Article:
In June 2017 Social Chain wrote that Generation Z would save the dying Snapchat; on Wednesday, CEO Steve Bartlett told the first session at the Festival of Marketing that it “will go away soon”. It was a running theme in discussions about social platforms, with Come Round’s Philip Brown predicting Instagram and YouTube will be king in 2018.
By the by, if you want to see the power of social influence, read more about Social Chain’s football hoax. The power of social media is truly astounding sometimes.
3. Fake influencers can be discovered
Philip Brown welcomed us to the “influencer marketing sh** show” on day two, coming after many, many, many talks the previous day and a half about influencers and how to best engage them. Influencers and celebrity endorsers - such as Laila Loves, Tom Daley, Rochelle Humes, Jamie Jewitt, Lauren Laverne, Reggie Yates, Anna Whitehouse and Ella Mills - were everywhere at this year’s festival; it was Brown that tackled the big question of spotting a fake influencer.
The simple answer? Check, check and check again. If you’re thinking of engaging an influencer to help your brand reach, make sure you do your due diligence because fake influencers abound. He shared a four-step solution:
- Follow the influencer and check their activity manually
- Always ask for their stats
- Check their other social handles
- Check their followers manually
Also look at the reach of their posts, the engagement, the history of their followers. And, essentially, the location of their followers; would a micro-influencer in Vienna have the majority of followers in places like Brazil, Mexico and Russia?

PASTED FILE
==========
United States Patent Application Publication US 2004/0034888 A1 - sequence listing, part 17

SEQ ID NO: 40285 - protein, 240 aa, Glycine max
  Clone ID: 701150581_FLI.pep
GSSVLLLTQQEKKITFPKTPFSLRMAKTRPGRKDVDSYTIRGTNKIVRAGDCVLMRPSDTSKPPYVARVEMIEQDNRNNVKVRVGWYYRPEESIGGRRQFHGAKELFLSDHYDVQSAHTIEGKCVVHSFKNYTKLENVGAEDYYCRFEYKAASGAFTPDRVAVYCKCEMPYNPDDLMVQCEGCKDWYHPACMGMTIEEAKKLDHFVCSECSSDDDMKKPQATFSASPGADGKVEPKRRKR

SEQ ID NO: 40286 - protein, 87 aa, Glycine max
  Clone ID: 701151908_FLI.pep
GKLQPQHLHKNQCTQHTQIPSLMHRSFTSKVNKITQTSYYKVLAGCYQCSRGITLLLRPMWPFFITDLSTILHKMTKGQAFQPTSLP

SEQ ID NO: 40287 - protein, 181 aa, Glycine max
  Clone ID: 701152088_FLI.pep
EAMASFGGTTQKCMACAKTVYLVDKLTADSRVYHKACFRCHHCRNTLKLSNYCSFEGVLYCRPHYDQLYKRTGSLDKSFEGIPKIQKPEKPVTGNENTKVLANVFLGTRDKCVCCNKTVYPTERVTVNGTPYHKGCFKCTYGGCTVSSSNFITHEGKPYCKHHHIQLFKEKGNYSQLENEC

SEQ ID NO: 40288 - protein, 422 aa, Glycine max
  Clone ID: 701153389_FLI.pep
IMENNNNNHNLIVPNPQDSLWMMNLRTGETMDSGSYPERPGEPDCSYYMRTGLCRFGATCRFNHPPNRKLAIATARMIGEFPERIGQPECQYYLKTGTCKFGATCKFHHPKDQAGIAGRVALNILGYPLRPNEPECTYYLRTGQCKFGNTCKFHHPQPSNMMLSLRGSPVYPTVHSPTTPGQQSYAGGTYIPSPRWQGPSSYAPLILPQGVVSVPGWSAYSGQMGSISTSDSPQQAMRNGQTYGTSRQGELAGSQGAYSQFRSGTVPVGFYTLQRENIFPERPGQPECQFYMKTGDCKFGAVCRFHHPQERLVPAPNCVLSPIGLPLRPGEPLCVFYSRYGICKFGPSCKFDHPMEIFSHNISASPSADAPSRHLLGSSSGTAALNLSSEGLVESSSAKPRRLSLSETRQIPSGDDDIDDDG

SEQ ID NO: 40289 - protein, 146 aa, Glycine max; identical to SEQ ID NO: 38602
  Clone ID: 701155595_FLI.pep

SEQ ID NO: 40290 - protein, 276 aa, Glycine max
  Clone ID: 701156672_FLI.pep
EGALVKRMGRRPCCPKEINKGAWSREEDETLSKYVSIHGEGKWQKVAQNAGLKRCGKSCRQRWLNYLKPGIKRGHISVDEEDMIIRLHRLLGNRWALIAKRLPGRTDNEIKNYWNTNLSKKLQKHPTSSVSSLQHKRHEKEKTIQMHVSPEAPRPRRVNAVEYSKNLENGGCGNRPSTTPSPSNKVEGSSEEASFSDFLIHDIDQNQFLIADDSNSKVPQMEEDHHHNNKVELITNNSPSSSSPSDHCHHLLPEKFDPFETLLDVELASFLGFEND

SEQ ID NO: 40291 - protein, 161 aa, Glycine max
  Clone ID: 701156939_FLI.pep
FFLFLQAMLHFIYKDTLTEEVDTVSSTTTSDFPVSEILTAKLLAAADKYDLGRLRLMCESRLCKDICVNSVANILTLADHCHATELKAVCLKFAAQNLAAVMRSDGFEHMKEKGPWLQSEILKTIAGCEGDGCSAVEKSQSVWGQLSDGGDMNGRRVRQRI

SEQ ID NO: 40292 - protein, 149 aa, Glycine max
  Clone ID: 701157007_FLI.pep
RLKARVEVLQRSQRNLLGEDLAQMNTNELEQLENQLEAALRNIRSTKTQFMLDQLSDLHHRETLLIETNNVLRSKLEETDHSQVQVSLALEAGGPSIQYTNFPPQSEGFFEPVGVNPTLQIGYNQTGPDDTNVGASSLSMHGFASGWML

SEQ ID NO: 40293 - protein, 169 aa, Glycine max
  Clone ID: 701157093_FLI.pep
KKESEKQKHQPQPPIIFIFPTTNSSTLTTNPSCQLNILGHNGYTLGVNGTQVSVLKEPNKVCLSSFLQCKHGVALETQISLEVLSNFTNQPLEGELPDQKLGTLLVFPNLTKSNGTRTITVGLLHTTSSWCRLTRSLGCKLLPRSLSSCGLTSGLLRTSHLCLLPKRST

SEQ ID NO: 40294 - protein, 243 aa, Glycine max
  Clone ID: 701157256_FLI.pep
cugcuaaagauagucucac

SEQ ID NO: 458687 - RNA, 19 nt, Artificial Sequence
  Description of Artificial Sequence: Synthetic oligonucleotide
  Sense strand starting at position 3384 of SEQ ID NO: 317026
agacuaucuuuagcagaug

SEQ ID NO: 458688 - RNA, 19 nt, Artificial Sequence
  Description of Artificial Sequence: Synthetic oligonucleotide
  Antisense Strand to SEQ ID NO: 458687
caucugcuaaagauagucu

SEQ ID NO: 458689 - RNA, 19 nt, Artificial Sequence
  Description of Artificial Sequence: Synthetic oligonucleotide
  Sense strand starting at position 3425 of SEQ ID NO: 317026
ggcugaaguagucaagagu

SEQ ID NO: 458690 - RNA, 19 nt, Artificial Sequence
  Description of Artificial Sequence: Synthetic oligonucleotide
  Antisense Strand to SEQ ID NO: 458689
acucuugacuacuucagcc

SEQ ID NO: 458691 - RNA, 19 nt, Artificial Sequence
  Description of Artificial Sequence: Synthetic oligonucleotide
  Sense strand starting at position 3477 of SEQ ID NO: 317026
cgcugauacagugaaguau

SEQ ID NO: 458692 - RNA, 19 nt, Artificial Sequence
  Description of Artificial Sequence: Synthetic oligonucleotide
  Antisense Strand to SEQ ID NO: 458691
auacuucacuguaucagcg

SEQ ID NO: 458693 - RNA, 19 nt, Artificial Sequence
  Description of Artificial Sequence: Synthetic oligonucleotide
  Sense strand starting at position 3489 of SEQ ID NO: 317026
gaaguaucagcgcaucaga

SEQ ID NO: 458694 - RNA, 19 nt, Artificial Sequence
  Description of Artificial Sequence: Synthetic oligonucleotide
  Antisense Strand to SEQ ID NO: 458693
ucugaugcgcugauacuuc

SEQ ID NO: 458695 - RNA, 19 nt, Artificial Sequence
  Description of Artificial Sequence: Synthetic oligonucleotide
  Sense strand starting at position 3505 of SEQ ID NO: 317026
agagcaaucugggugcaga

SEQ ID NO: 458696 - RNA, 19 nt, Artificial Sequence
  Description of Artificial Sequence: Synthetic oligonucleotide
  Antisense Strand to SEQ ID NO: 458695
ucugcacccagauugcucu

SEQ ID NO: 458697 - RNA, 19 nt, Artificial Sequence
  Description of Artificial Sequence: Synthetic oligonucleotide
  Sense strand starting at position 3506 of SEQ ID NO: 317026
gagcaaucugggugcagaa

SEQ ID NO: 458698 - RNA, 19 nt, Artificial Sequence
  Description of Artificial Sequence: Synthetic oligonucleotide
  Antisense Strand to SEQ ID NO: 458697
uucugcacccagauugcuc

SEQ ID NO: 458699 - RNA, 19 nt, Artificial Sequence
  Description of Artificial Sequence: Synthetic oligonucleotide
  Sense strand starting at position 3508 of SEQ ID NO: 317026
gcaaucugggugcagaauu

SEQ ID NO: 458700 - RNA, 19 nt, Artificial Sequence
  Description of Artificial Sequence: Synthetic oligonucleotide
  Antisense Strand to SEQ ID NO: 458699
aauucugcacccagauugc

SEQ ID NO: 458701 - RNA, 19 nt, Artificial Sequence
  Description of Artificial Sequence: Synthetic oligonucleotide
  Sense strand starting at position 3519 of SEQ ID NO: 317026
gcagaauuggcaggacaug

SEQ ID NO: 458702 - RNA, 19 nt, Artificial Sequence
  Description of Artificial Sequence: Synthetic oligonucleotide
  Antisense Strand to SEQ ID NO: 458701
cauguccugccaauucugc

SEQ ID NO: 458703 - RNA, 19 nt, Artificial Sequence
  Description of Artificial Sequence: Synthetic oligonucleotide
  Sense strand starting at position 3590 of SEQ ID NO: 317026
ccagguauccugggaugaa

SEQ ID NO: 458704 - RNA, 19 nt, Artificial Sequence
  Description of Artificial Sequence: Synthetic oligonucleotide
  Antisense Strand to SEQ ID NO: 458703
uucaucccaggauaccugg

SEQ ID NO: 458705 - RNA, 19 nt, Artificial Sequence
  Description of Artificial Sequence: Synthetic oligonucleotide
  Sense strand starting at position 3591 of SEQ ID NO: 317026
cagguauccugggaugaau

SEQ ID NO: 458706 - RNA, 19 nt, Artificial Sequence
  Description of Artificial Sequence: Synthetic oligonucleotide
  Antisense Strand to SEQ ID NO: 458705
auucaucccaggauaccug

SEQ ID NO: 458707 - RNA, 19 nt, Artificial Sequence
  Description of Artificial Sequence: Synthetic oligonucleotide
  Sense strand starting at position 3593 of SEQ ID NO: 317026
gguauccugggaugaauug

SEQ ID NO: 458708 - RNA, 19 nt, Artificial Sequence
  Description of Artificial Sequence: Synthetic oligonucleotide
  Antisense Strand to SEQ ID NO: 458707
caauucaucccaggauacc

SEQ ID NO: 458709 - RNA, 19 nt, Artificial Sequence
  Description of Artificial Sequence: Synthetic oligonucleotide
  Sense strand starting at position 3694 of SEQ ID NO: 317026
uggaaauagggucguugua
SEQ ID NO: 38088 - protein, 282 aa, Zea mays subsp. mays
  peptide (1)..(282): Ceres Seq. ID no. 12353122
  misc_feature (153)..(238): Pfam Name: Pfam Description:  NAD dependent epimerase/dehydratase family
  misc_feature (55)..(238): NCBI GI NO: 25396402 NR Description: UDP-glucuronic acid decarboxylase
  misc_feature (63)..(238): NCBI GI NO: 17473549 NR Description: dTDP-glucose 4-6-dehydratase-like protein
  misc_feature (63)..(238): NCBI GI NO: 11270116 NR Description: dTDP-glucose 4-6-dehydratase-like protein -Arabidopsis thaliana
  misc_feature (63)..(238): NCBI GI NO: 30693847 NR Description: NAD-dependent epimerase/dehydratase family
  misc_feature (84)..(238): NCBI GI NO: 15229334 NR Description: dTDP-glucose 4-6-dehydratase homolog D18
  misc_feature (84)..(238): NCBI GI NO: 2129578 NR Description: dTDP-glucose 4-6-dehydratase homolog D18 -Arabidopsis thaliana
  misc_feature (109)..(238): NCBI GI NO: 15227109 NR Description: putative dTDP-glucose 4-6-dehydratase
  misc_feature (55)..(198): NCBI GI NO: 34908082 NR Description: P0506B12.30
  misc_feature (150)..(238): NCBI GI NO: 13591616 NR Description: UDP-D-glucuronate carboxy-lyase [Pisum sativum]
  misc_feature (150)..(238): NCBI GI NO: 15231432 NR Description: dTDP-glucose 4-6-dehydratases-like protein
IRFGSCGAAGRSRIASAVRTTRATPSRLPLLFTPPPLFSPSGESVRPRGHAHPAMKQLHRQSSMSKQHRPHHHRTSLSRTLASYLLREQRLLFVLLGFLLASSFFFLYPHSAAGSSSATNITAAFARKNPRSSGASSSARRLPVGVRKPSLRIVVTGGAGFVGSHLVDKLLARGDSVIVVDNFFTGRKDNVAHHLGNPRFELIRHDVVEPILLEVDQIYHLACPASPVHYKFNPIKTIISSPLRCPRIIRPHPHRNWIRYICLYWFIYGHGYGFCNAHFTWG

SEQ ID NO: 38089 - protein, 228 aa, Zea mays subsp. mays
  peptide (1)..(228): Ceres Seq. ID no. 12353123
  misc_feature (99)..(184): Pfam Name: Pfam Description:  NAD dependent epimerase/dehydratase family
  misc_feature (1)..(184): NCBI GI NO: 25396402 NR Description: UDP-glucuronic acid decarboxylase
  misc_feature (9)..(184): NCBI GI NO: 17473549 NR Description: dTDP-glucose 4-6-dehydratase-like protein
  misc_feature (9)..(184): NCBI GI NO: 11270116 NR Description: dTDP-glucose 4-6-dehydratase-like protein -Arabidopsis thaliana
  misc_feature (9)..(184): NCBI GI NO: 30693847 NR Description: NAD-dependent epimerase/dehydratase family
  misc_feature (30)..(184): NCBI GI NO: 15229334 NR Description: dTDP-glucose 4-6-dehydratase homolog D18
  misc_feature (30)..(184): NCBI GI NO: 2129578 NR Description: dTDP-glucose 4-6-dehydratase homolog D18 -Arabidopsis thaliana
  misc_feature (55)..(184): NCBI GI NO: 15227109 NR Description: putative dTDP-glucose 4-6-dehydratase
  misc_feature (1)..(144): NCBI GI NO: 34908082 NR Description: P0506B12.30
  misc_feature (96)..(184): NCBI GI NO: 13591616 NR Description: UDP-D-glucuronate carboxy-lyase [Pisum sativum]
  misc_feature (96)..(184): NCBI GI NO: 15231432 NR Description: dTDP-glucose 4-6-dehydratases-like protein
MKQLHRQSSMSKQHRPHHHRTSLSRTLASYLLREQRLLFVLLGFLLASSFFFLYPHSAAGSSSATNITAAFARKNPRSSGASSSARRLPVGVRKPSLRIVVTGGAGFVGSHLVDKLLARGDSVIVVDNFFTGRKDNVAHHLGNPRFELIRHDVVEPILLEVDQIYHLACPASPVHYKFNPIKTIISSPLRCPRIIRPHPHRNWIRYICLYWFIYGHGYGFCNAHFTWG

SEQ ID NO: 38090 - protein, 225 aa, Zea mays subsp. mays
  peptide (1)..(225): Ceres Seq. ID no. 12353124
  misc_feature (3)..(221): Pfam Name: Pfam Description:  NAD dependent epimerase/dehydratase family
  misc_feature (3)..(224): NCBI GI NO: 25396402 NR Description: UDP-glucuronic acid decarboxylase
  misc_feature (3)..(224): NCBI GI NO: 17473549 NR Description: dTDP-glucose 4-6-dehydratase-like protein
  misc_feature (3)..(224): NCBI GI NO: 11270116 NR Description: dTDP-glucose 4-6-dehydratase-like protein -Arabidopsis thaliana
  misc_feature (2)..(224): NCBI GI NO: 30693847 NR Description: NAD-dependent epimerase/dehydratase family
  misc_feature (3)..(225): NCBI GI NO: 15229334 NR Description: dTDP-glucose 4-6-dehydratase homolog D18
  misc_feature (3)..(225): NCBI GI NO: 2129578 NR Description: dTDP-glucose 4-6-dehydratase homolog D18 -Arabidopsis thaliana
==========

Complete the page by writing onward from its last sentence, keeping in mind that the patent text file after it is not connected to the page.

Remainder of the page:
4. Influencers want to create
There was a resounding message coming from all the influencers at the festival: you need to involve them in the creation. Let the influencers create the content, and the brand deliver the reach - and definitely don’t try to write their posts for them.
Influencers shouldn’t be a last-minute addition to any strategy. In an inspiring opening session on day 2 where he sat alongside Reggie Yates and Rochelle Humes, Olympic diver Tom Daley made his preferences clear - he wants to be involved in the creation and said brands should trust the influencer knows what works for their audience. That session, incidentally, sparked huge social conversations; impressions of 296k and reach of 23.7k in just one hour. Reggie Yates’s impassioned views on diversity were still being discussed well into the day.
— Marketing Week Mag (@MarketingWeekEd) 5 October 2017
5. Authenticity is still key
Yates’s plea for authenticity was another talking point, and something many other speakers echoed throughout the two days. Whether you’re working with influencers or creating branded content, fakers will be quickly discovered and your audience won’t engage.
Leon Harlow of influencer agency James Grant Group urged brands to think of the value for influencer talent beyond an exchange of money; teaming up with a brand could expose them to new markets, new skills, new viewpoints. He used the example of footballer Frank Lampard, who is a Weibo ambassador in China - a role he accepted to spread his brand into the hard-to-reach market.
What’s to come?
Interestingly, only one session actually focussed on the lessons to learn from what’s happening in the East. Our very own Benjamin Duvall stunned his crowd with tales from China, telling us that China is ahead of the US in a lot of digital engagement and consumption. (Incidentally, you can download Ben’s deck here.) Perhaps Asia will be the buzz next year?
Regardless of role or marketing practice, every session touched upon social in some way. It’s clear that social intelligence and insights are invaluable to brands large and small as they seek to build their audience and develop their strategy.
— Lauren McMenemy (@TheContentType) 4 October 2017
Want to improve your own social insights? Get in touch with the Linkfluence team.